The Best Method for Propagating Christmas Cactus From Cuttings

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Ready to share the love by propagating Christmas cactus (​Schlumbergera​ x ​buckleyi​, USDA plate hardiness zones 10 through 12)? This bloom-heavy succulent can grow from a small section of a healthy plant, making it easy to start new plants. Christmas cactus plants typically take well to new roots, which means this a project for gardeners of all skill levels. Although most plants sold as "Christmas" cactus actually are "Thanksgiving" cactus (​Schlumbergera truncata​, USDA zones 10 through 12), both of these tropical plants require the same care and are propagated the same way.


How to Propagate a Christmas Cactus in 8 Easy Steps

  • Take a Christmas cactus cutting in late spring.
  • Let the cut end dry for a day or two.
  • Add rooting medium to a pot with bottom drainage.
  • Water the medium and let excess water drain.
  • Press the cut end of the cutting into the medium.
  • Firm the medium around the cutting to keep it in place.
  • Water the cutting and place it in bright, indirect light.
  • Watch for growth at the tip of the plant and repot.

What Is a Christmas Cactus?

The Christmas cactus is a beautiful houseplant featuring glossy, jointed, and flat leaflike sections. When cared for properly, the plant produces lots of colorful blooms in the winter right around Christmas, as the name suggests. Fuchsia is a common color for the flowers, but they can also be other shades of pink, red, or white. You can display the Christmas cactus during the holidays as an alternative to the popular poinsettia or give it as a holiday gift.


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In nature, Christmas cacti grow attached to trees in jungle environments, so they do best in brightly lit rooms without being in direct sunlight. They also like humid environments, which you can create by placing saucers filled with gravel and water under your plants. While planting Christmas cactus outdoors isn't an option in most areas because of frost, the plants can go outdoors in their pots during the summer months.


When to Propagate Christmas Cactus

Timing of propagation can have an impact on how successful you are at getting a new Christmas cactus to grow. So when should you propagate Christmas cactus? The ideal propagation time for Christmas cacti is during late spring. The plant is coming out of winter rest mode and is already primed for new growth, which can help your cuttings take off when you root them.


Taking Christmas Cactus Cuttings

You can easily obtain cuttings from a mature, healthy Christmas cactus plant to start new plants for yourself or for someone else. An ideal cutting to propagate Christmas cactus plants contains between two and five stem segments, called phylloclades, which are the flattened leaf sections. You can either cut the segment, pinch it at a joint, or twist it until it separates from the plant. Once you remove a section, leave it out for a day or two to let the cut edge heal to minimize stem rot.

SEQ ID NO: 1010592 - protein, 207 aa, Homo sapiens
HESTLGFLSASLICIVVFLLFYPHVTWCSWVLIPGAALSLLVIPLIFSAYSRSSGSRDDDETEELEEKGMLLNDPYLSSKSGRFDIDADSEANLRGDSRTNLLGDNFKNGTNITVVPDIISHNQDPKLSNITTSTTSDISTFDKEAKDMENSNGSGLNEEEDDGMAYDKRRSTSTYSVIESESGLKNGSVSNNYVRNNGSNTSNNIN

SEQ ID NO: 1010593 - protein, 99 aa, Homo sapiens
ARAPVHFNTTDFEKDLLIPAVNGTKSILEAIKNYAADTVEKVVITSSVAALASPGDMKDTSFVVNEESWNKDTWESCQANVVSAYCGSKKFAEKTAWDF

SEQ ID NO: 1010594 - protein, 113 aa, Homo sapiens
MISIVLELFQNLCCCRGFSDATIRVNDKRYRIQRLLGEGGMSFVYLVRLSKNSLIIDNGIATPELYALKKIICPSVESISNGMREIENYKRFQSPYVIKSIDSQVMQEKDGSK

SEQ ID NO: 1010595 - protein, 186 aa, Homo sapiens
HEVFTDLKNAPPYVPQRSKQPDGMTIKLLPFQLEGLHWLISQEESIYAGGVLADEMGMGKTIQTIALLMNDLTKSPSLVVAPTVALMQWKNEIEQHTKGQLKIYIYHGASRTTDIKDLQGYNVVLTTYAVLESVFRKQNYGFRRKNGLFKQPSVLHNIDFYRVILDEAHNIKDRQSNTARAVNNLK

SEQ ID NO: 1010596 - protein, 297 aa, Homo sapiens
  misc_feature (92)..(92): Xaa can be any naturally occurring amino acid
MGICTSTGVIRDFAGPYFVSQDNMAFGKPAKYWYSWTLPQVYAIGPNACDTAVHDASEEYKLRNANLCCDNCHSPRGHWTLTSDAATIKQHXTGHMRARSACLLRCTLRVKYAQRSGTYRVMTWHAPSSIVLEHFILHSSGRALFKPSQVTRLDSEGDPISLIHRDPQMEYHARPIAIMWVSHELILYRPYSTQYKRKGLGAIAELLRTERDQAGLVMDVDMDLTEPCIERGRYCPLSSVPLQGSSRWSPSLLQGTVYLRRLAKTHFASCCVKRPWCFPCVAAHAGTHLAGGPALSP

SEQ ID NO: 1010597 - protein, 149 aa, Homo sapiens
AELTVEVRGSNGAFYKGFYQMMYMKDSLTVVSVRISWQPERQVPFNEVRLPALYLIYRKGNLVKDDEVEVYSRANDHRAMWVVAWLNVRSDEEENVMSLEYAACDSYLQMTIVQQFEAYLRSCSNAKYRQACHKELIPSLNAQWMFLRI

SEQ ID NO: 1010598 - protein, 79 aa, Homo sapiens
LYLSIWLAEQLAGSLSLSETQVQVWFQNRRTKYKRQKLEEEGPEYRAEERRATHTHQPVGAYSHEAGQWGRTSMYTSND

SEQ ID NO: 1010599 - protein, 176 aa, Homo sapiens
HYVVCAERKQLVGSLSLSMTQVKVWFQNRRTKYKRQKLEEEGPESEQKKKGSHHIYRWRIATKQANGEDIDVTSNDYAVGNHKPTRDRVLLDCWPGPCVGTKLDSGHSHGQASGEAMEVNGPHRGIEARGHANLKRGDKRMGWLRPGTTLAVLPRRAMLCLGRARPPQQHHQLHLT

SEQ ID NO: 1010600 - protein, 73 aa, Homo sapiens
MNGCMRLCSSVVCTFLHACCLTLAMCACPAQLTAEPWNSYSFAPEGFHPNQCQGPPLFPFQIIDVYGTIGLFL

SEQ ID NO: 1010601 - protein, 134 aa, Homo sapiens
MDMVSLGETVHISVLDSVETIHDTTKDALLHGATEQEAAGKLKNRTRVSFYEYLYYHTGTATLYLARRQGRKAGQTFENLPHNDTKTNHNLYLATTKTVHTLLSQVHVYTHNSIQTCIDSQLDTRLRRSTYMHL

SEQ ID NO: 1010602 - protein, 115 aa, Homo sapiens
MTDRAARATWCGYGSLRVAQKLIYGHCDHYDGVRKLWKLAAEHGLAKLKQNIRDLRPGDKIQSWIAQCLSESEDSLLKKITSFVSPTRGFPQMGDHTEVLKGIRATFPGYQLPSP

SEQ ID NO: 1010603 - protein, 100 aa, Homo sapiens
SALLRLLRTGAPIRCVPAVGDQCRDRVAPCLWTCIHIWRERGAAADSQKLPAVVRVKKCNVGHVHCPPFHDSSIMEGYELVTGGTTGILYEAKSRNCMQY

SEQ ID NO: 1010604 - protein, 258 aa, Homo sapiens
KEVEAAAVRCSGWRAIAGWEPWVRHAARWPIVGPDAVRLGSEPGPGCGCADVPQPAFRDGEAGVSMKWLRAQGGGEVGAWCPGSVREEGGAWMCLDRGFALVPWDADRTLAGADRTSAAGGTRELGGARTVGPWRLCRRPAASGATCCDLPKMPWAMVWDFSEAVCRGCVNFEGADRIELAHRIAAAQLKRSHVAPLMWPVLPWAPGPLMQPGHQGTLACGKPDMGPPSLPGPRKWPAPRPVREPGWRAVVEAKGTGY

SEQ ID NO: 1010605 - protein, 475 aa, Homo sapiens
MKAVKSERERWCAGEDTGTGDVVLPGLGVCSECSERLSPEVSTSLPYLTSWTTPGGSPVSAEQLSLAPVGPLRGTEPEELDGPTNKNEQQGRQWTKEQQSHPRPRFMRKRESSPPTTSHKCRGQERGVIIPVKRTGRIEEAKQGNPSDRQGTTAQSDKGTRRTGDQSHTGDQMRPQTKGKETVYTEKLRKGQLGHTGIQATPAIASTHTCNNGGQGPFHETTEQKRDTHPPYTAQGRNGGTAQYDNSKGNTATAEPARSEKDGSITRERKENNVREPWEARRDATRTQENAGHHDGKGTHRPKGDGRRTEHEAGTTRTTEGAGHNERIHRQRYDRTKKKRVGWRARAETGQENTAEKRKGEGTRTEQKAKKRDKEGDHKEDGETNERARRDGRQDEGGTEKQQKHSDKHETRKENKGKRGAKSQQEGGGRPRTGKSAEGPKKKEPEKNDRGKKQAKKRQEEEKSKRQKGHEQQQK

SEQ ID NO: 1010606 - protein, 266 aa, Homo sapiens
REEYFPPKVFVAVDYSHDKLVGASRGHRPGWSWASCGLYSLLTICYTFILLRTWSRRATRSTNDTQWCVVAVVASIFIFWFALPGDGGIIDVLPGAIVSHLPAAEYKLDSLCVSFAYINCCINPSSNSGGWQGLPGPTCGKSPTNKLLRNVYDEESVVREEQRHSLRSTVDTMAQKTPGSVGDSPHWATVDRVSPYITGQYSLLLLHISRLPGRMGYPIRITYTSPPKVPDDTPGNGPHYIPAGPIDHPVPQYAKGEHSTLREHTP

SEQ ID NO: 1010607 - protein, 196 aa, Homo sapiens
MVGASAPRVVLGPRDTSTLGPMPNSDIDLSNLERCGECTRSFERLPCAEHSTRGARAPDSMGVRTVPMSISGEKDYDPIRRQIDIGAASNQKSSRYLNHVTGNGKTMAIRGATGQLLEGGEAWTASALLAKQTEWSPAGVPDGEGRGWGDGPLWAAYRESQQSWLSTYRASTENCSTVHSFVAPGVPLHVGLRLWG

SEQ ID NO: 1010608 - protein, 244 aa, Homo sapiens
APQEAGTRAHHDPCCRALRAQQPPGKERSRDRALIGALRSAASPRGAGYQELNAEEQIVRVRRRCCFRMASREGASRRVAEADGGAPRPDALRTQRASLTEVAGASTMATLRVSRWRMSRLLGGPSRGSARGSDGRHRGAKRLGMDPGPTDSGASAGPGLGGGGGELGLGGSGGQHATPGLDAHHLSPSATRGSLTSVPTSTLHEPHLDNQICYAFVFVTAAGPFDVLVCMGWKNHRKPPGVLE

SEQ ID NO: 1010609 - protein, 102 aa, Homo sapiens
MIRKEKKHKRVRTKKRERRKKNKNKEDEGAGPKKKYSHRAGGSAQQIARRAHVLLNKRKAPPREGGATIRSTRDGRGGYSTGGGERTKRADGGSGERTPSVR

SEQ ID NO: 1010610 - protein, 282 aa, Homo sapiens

Rooting the Cuttings

You have a few options for the rooting medium for Christmas cactus cuttings. One option is to mix peat, which is naturally antifungal, with coarse sand or vermiculite. You can also use perlite, vermiculite, or coarse sand by itself as the medium. Here's how to root a cutting:


  1. Water the rooting medium and let the excess water drain from the bottom of the pot before planting the cutting.
  2. Press the bottom, or cut edge, of the cutting into the medium about 1/4 to 1/2 inch. You don't want to press it in too far or it may rot.
  3. Gently press the medium around the planted end of the cutting to keep the cutting in place.
  4. Water the cutting right away.

Caring for the Cuttings

Christmas cactus cuttings typically take four to eight weeks to root, but they may take a little less or a little more time. Monitor the cuttings during that time to make sure they're growing well and look for signs of new growth so you know when to repot. The cuttings grow best in bright spaces but not in direct sunlight, just as mature Christmas cactus plants do.


You'll want to water the cuttings sparingly only when the rooting medium dries out, being careful not to give the cuttings too much water. Excess water can cause the succulent to get mushy and rot. When the cuttings exhibit new growth on the tips, you can plant them in potting soil mixed with sand or a mix designed for cacti.



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